Packers have an appetite for more 'Snacks' Harrison to stiffen run defense
GREEN BAY – When the Green Bay Packers next take the field, there’s a good chance nose tackle Damon “Snacks” Harrison will be on it more than the 12 snaps he played in his season debut Sunday.
“He’s definitely somebody that we want to get in there much more because I think he can provide a lot of value to us,” coach Matt LaFleur said. “I mean, the guy got here on Wednesday or whenever it was playing on a game on Sunday. So, I would look for him to get more snaps.”
Claimed off waivers from Seattle last week, Harrison had two days of practice and a walk-through to learn coordinator Mike Pettine’s scheme. Nevertheless, he showed some of the disruptive ability the Packers hoped he had left playing strictly at the nose tackle position.
The 6-3, 340-pound Harrison helped blow up two running plays against the Bears, but he did not make any tackles or register any other stats. Because Harrison had such little time to prepare, Pettine limited him to snaps at nose tackle, but in the playoffs, he may put Harrison and Kenny Clark together and have them play either nose tackle or three-technique (defensive tackle).
It might be a way to help Clark get away from the frequent double-team blocks he receives.
“It's something that depends on what front we are playing,” Pettine said. “But certainly, they can play both those spots. We've started Damon out as essentially as the nose and just let them learn that. But typically, how we play blocks, whether at the nose or at the three-tech, there's a lot of similarity.
“So, I do think it's nice that we can give Kenny a break from the nose and kick him out to the three or just give Kenny a break in general.”
Though he is a 32-year-old veteran with lots of experience, Harrison is being asked to play techniques that are foreign to him.
The Packers ask their defensive linemen to use their hands a lot more than some teams and their scheme is different from what Harrison played in Seattle, Detroit and New York. Harrison will have two practices this week and three next week to work on it.
“Here's a guy that's an ultimate pro,” Pettine said. “He's very conscientious and he knows that we play blocks a little bit differently than how he's used to.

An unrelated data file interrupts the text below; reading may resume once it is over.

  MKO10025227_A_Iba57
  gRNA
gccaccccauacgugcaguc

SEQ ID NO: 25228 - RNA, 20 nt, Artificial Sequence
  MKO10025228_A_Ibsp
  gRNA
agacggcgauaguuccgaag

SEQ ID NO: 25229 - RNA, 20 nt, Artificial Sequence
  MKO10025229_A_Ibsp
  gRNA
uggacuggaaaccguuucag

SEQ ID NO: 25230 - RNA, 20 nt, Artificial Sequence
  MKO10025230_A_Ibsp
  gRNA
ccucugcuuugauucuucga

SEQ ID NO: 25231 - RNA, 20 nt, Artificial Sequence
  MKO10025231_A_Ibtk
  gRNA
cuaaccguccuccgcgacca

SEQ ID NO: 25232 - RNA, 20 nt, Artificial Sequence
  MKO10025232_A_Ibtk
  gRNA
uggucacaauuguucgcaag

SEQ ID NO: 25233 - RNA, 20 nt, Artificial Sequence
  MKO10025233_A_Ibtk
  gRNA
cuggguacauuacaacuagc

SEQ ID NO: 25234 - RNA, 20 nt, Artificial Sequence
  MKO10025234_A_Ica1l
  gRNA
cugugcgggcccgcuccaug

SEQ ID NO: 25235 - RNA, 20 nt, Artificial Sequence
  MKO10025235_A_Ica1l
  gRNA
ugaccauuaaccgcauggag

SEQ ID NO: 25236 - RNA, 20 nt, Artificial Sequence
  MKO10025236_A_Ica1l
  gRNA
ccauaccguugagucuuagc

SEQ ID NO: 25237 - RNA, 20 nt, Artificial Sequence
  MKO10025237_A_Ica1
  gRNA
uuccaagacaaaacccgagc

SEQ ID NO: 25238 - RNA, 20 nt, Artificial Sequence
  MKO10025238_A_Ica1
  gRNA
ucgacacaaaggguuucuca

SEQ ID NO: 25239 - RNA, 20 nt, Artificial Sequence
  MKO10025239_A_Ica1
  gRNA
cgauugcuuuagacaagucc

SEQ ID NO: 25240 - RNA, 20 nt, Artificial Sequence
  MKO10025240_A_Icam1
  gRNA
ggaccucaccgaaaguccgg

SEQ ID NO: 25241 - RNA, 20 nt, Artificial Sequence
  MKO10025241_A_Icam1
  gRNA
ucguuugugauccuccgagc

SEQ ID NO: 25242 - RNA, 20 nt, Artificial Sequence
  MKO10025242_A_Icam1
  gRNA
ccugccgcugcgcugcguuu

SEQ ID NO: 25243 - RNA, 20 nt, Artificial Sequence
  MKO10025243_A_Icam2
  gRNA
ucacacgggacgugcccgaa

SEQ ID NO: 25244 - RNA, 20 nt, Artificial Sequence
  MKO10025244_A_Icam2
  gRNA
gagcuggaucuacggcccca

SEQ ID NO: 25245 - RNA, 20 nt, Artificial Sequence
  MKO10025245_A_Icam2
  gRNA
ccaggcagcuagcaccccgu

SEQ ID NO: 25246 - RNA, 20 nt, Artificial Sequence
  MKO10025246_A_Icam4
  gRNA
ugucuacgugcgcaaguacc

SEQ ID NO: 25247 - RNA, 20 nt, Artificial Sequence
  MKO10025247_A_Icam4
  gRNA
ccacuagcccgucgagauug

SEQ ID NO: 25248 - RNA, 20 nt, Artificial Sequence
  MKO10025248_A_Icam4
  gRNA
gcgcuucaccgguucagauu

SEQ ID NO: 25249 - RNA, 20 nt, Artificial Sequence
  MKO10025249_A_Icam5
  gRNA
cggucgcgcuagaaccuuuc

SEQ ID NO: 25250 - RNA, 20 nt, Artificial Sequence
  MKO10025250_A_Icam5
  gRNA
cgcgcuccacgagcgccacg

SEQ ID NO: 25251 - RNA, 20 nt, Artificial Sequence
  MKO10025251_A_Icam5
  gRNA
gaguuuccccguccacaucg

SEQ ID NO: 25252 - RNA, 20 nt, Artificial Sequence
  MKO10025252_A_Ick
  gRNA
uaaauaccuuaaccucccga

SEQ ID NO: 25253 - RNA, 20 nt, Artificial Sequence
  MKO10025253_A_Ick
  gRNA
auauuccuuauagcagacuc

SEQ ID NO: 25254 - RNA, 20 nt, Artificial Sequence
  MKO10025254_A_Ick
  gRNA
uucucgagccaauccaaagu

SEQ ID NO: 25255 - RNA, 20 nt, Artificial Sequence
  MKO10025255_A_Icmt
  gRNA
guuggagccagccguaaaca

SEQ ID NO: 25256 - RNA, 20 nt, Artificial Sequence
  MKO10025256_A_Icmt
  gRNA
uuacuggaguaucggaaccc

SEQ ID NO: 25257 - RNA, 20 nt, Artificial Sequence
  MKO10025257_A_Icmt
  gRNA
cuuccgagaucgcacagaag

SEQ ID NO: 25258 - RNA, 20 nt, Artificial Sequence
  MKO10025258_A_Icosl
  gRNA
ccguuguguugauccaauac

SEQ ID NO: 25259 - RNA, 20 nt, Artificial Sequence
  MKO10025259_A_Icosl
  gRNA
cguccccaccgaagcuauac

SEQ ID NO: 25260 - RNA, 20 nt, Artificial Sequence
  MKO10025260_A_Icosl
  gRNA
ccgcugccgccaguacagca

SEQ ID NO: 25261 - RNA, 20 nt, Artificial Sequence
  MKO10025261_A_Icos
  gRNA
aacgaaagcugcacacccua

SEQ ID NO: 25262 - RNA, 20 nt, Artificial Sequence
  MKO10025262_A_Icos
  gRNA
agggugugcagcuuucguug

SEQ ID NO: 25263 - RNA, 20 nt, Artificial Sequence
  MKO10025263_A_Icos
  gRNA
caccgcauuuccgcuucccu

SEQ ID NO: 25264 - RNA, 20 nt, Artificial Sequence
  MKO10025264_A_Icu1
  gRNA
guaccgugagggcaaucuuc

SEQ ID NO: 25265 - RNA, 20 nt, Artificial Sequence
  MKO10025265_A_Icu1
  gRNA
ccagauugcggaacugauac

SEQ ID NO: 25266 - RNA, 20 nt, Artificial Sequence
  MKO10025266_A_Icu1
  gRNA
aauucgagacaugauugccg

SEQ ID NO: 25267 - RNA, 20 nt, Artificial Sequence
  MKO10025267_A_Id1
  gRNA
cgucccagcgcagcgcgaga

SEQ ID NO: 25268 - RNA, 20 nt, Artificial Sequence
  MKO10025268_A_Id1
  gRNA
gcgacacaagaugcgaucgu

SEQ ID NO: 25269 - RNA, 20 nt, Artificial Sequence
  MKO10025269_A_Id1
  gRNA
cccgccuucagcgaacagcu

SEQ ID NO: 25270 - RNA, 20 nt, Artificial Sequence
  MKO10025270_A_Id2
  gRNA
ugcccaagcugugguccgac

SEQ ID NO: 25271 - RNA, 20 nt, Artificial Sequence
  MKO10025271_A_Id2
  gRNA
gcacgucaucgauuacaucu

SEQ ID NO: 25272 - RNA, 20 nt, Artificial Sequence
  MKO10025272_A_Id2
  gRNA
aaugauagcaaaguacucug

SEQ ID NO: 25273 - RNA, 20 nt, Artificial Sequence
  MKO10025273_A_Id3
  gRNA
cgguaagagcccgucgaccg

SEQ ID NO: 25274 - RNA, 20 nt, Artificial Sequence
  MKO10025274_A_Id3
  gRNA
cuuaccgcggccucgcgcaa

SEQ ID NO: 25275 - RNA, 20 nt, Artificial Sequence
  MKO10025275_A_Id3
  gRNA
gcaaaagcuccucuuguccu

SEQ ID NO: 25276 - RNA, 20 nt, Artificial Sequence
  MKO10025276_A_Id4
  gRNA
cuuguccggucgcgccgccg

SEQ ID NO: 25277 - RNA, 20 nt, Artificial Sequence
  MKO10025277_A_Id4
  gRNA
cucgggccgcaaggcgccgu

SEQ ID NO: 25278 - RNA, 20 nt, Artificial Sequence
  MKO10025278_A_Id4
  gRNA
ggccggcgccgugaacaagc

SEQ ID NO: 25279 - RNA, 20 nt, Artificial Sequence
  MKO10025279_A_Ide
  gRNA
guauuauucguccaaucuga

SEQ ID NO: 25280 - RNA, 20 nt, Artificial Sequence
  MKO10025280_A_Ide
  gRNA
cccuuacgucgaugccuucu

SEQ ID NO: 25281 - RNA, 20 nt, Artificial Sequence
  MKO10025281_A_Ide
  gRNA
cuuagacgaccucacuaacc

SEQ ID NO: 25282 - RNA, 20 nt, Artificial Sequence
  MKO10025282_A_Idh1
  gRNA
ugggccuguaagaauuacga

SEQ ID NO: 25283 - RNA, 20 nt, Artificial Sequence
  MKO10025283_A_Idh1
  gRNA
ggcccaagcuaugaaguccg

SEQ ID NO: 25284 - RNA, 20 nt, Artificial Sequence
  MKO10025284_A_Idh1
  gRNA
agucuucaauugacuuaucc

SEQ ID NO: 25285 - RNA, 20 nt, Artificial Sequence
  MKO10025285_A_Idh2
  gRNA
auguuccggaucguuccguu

“So, that's a habit. He trained to do something, it's muscle memory. So, he's a little frustrated with it but you can tell, this is a conscientious guy that wants to not just do his job but excel at it. So, we're thrilled he's here.”
Phones not ringing
As other teams scramble to fill vacant head-coaching and general manager positions, there haven’t been any reports of Packers employees being courted.
Not all interview requests are immediately made public, but so far it has been quiet.
Offensive coordinator Nathaniel Hackett is one coach who would like to run his own team, but he said he has focused on the playoffs and whatever comes his way, he’ll deal with it then.
“It’s just been incredible turning back and looking at all those things and becoming the person I am from growing up in this profession to all the different experiences to now being with coach LaFleur in this great organization,” Hackett said. “I think being with a great quarterback, great players, great people, you take so much from all those people and you just continually learn from all that and grow from that.
“At this point in my life, I love exactly where I am. This is an amazing place. For the future, you never know.”
Pettine echoed some of the desire for more bump coverage that LaFleur expressed Monday and said he had a discussion with the players about it.
There were some third-and-short situations where the cornerbacks played off the receiver and couldn’t make their way back in time when the ball was thrown right to the first-down marker. It wasn’t until the fourth quarter that the corners started playing tighter and the results were much better, including a fourth-down breakup by Chandon Sullivan.
“We have to have better situational awareness,” Pettine said. “The corners, depending on the call, if they have deep responsibility, whether it's man or whether it's three-deep or quarters, they do have some options on how to play it.
“A lot of it's based on how wide is the receiver split? Typically, if a receiver's in tight, you're not going to want to play as much press when he's close to the formation, whereas if they get out in a normal spacing.”
Pettine said it’s not about playing one type of coverage all the time. It’s about reading the situation and trying to vary coverages so the receivers and quarterback can’t zero in on what the corners are playing.
“We want to mix it up,” Pettine said. “We want to play some off, we want to play some press and then we want to show press and be able to play off because I don't think you can give an offense any one steady diet of anything cause they'll hone in on it.
“But situationally, we have to better understanding that we can't give easy throws.”